their tents at the mere threat of scurrilous
handling by opponents. But something more profound may be
at work. Peter Dale Scott, who like Chalmers Johnson
indulges in what he calls the "clichéd analogy"
of a comparison between the contemporary United
States and Rome in the period of its transition
from republic to imperial autocracy, remarks on
the refusal of the Roman senatorial class to accept
that "real power had migrated out of" the civic
institutions in which they continued to participate,
and had passed into the hands of "an imperial
regime, the armies and the courts of the army
commanders." Their motive, though unacknowledged, was
quite simple: "The self-respect of the senatorial
classes depended on this denial."

An analogous motive may be in play among our own
class of academics and public intellectuals, for
whom a migration of power into military,
deep-political, and corporate-media hands may for
similar reasons be difficult to acknowledge. István
Meszáros has proposed that we are currently facing not
merely a "conjunctural crisis" of the kind that
occurred at intervals over the past century, but
rather an all-embracing "structural crisis" -- one
which "affects the totality of a social complex" because
it throws into question "capital.s mode of social
metabolic reproduction" up to the ultimate limits of
"the established global structure."

It would be no novelty to argue that the Bush
regime.s military aggressions, together with its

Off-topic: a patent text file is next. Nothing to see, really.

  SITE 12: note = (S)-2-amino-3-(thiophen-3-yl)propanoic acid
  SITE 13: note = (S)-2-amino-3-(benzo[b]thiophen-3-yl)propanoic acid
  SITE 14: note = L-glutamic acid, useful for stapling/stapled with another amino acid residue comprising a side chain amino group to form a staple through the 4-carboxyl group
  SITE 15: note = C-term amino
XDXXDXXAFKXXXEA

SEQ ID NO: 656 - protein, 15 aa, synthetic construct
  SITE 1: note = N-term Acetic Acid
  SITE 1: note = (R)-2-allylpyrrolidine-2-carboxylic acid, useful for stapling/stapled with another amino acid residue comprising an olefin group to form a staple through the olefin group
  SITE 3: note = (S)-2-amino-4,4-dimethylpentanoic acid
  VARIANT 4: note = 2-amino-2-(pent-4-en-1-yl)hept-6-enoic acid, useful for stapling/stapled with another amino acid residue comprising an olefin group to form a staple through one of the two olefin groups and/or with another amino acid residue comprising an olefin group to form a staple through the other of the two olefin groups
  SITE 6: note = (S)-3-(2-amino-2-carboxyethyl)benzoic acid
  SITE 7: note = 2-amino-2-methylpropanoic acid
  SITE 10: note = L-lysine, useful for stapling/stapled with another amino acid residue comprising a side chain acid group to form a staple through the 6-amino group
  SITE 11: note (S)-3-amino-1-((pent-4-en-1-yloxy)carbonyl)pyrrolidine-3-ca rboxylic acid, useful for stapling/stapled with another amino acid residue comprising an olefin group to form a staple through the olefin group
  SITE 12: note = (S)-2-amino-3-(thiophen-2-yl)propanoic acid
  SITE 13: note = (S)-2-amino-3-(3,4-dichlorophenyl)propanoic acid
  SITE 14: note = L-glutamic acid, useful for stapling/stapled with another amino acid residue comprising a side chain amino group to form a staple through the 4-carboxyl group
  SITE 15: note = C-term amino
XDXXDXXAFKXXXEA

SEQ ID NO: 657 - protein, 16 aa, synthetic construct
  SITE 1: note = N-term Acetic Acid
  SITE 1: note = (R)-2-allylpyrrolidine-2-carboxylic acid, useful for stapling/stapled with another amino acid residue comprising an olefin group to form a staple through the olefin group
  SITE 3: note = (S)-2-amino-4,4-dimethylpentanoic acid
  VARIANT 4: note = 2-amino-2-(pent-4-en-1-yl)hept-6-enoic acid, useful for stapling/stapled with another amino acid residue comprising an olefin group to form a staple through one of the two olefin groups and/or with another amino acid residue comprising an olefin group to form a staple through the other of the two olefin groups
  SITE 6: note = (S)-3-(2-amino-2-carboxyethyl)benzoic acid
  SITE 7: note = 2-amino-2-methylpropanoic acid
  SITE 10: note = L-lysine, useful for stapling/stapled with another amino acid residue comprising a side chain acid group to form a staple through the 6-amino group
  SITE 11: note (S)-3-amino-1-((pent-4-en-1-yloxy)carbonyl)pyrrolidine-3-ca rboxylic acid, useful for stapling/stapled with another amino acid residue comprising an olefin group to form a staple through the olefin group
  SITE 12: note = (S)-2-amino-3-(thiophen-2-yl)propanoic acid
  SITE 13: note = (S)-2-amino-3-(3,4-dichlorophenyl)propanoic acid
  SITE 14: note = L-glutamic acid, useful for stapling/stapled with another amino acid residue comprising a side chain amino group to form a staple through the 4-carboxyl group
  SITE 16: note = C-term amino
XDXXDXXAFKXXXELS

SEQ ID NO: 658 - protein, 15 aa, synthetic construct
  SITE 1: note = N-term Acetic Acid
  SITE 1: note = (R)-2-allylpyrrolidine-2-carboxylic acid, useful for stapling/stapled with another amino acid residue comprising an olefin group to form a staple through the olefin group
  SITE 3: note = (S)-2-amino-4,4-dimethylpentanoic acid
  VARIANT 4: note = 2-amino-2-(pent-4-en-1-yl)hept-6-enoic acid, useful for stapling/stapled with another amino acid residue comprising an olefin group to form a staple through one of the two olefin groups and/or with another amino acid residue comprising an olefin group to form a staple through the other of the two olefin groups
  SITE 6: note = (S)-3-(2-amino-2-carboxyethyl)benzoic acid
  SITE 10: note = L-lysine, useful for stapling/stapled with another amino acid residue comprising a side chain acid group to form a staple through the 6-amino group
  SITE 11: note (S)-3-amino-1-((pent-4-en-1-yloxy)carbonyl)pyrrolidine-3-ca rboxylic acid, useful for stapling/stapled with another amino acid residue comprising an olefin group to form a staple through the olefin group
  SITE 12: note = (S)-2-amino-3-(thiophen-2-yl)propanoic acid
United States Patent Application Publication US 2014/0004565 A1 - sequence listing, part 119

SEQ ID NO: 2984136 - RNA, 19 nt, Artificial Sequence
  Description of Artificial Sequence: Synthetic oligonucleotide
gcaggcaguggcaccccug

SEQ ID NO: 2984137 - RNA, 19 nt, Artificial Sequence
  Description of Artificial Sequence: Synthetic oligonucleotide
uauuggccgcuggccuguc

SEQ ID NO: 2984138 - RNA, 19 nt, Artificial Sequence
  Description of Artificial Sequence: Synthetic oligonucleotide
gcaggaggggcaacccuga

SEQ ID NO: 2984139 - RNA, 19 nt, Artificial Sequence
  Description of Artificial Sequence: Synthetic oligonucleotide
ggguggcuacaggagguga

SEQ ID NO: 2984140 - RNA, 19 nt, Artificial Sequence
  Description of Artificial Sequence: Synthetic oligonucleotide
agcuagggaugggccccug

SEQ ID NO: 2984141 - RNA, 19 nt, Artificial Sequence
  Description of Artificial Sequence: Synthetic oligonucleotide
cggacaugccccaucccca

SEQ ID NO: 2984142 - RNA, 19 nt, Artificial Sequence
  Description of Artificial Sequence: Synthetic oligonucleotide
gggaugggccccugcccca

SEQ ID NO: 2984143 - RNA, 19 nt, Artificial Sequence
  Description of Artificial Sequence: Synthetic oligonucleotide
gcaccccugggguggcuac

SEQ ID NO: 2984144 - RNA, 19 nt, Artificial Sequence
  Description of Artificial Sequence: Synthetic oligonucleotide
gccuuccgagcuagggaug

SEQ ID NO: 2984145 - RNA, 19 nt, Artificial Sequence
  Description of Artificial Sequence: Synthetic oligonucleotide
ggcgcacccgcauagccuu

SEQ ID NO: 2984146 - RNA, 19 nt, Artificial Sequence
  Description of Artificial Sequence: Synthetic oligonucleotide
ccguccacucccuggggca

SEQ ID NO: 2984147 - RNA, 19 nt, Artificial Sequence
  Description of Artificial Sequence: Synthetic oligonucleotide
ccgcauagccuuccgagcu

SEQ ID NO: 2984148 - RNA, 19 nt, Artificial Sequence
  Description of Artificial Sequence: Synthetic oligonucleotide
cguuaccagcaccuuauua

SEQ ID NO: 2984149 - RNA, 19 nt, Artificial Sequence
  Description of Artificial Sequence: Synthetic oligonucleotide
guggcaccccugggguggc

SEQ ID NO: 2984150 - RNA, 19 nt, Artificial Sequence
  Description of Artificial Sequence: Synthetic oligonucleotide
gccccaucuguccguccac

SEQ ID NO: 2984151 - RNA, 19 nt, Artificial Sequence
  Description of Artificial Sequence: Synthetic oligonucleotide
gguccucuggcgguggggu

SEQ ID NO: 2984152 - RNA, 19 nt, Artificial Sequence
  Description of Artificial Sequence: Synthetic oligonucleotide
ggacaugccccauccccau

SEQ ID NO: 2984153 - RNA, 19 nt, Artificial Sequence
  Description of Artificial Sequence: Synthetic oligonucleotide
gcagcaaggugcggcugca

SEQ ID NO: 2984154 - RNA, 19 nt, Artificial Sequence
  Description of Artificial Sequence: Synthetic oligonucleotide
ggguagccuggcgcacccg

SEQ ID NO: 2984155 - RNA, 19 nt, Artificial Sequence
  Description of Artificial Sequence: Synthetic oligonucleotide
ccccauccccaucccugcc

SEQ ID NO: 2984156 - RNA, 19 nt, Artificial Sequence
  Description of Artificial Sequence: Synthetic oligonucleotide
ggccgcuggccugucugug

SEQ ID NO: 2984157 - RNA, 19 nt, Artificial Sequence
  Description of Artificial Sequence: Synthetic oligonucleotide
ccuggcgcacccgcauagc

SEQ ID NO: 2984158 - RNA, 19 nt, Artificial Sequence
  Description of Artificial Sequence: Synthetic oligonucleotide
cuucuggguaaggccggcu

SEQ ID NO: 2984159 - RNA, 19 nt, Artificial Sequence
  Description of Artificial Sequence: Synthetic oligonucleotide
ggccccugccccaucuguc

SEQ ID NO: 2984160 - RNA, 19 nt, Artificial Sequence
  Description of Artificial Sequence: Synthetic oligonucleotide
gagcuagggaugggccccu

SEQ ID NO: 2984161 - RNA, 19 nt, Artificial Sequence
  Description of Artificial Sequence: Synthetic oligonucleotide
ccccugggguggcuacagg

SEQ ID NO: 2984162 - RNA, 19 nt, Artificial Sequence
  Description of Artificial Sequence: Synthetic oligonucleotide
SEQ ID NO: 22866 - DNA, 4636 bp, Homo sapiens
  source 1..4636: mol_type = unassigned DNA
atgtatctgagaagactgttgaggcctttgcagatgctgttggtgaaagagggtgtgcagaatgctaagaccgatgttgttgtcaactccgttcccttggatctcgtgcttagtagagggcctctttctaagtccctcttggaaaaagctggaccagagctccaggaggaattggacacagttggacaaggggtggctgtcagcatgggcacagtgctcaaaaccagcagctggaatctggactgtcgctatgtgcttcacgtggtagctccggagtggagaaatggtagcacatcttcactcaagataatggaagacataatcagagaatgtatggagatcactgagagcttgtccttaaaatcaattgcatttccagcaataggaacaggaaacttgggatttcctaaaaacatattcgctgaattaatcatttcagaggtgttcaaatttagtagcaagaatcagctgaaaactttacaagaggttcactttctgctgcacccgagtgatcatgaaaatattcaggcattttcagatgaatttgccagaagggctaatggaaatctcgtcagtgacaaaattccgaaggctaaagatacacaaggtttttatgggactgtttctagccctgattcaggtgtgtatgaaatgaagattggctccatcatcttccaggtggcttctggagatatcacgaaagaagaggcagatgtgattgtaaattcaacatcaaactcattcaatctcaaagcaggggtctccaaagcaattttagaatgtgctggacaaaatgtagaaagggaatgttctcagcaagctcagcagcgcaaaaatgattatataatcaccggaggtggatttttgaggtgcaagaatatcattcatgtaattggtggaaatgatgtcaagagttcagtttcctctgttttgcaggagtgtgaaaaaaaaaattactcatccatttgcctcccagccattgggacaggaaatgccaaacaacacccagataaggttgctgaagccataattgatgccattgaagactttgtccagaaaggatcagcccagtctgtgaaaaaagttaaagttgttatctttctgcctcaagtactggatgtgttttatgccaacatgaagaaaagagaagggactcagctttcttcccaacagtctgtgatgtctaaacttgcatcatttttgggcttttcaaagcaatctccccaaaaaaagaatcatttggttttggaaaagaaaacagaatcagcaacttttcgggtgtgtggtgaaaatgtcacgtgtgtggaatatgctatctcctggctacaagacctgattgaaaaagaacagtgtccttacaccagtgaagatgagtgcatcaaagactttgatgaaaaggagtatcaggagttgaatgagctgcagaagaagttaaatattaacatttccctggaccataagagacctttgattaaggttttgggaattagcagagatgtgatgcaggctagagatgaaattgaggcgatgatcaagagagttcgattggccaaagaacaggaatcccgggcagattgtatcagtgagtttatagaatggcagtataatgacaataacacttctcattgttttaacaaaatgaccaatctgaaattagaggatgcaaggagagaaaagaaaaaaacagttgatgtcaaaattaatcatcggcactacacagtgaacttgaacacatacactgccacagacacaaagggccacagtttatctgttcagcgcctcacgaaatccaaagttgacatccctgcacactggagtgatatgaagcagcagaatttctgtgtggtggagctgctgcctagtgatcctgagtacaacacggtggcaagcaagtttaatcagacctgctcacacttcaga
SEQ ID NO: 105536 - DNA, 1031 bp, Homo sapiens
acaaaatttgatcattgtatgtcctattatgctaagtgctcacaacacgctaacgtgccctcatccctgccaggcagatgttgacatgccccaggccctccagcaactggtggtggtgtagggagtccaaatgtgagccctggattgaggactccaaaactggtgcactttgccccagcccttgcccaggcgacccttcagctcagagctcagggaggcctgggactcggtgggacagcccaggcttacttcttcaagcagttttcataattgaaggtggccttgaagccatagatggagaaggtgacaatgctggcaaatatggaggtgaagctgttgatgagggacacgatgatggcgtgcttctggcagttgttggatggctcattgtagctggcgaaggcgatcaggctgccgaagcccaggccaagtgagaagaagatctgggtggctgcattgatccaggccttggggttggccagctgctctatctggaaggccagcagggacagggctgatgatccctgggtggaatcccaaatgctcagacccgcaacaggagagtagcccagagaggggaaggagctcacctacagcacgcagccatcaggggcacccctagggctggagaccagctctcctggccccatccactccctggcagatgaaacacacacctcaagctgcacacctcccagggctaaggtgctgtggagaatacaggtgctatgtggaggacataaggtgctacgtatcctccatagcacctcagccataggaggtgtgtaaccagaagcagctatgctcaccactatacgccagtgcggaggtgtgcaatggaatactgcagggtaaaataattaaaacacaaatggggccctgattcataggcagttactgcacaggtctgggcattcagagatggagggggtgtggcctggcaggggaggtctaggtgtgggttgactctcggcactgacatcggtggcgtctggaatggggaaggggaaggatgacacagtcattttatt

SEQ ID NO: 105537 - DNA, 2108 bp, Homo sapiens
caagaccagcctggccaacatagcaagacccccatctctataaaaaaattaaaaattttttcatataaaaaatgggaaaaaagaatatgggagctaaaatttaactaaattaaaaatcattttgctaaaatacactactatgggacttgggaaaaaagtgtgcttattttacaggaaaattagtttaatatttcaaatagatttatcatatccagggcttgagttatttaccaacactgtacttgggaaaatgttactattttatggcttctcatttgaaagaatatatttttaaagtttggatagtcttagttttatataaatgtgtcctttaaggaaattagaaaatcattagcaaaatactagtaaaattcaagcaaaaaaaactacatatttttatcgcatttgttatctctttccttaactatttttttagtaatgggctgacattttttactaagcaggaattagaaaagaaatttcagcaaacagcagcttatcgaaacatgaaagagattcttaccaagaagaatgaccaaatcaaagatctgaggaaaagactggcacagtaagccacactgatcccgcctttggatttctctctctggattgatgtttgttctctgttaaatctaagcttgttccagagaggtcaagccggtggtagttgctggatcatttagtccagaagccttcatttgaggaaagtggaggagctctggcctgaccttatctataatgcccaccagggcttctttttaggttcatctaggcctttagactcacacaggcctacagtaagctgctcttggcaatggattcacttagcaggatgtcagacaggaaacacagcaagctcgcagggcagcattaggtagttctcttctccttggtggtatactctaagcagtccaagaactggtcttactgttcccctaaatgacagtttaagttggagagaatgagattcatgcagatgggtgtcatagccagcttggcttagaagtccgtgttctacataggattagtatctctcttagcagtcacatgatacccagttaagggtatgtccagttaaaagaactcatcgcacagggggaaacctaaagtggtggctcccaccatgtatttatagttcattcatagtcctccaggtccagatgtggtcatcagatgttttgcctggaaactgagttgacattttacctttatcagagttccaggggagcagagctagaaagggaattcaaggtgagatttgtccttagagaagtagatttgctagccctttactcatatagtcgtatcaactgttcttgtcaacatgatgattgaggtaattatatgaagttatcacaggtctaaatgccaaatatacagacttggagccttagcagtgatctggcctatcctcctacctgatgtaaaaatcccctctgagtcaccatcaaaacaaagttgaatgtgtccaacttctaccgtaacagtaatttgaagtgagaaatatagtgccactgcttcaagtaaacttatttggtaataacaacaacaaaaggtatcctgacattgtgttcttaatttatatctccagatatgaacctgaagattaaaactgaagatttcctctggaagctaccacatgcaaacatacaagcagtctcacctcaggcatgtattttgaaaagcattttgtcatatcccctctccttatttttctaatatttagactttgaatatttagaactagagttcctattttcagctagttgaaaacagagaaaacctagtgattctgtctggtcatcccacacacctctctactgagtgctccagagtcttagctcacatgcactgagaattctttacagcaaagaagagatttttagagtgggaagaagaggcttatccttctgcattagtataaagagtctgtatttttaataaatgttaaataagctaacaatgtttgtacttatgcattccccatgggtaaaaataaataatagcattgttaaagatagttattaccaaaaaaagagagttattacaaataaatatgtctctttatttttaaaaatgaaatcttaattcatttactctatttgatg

evident contempt for the constraints of republican
governance (the Bill of Rights and habeas corpus among
them) and its ever- increasing reliance on
deep-political manipulations, are part of the
corporatist ruling elite.s response to this structural
crisis. Understandably enough, public intellectuals who
are habituated to conjunctural crises in which their
oppositional function was understood by all concerned,
and who have in addition made a lifelong habit of
ignoring or belittling political analyses which
incorporate deep-political factors, have resisted
the gathering evidence that these very factors have
been decisive in the political transformations
pushed through since 9/11. And yet counter-forces
are arguably at work against what Scott calls "the social
function of denial in masking political change." 29
One of them, intellectual integrity, though it might
seem a quaint abstraction to invoke in this
context, has yet impelled conservative academics and
public intellectuals like Paul Craig Roberts and
Morgan Reynolds (who in addition to their university
careers held senior positions in the Reagan and first
George W. Bush administrations, respectively) into
vehement opposition to the crimes of the present
regime. Both have written powerful analyses of the
present administration.s folly and criminality, and
both recognize the events of 9/11 as a key
element of that criminality. Another counter-force may
be a growing recognition of the delegitimizing power of
the 9/11 evidence.


Delegitimizing the Bush regime

When Joshua Frank says of the Bush regime that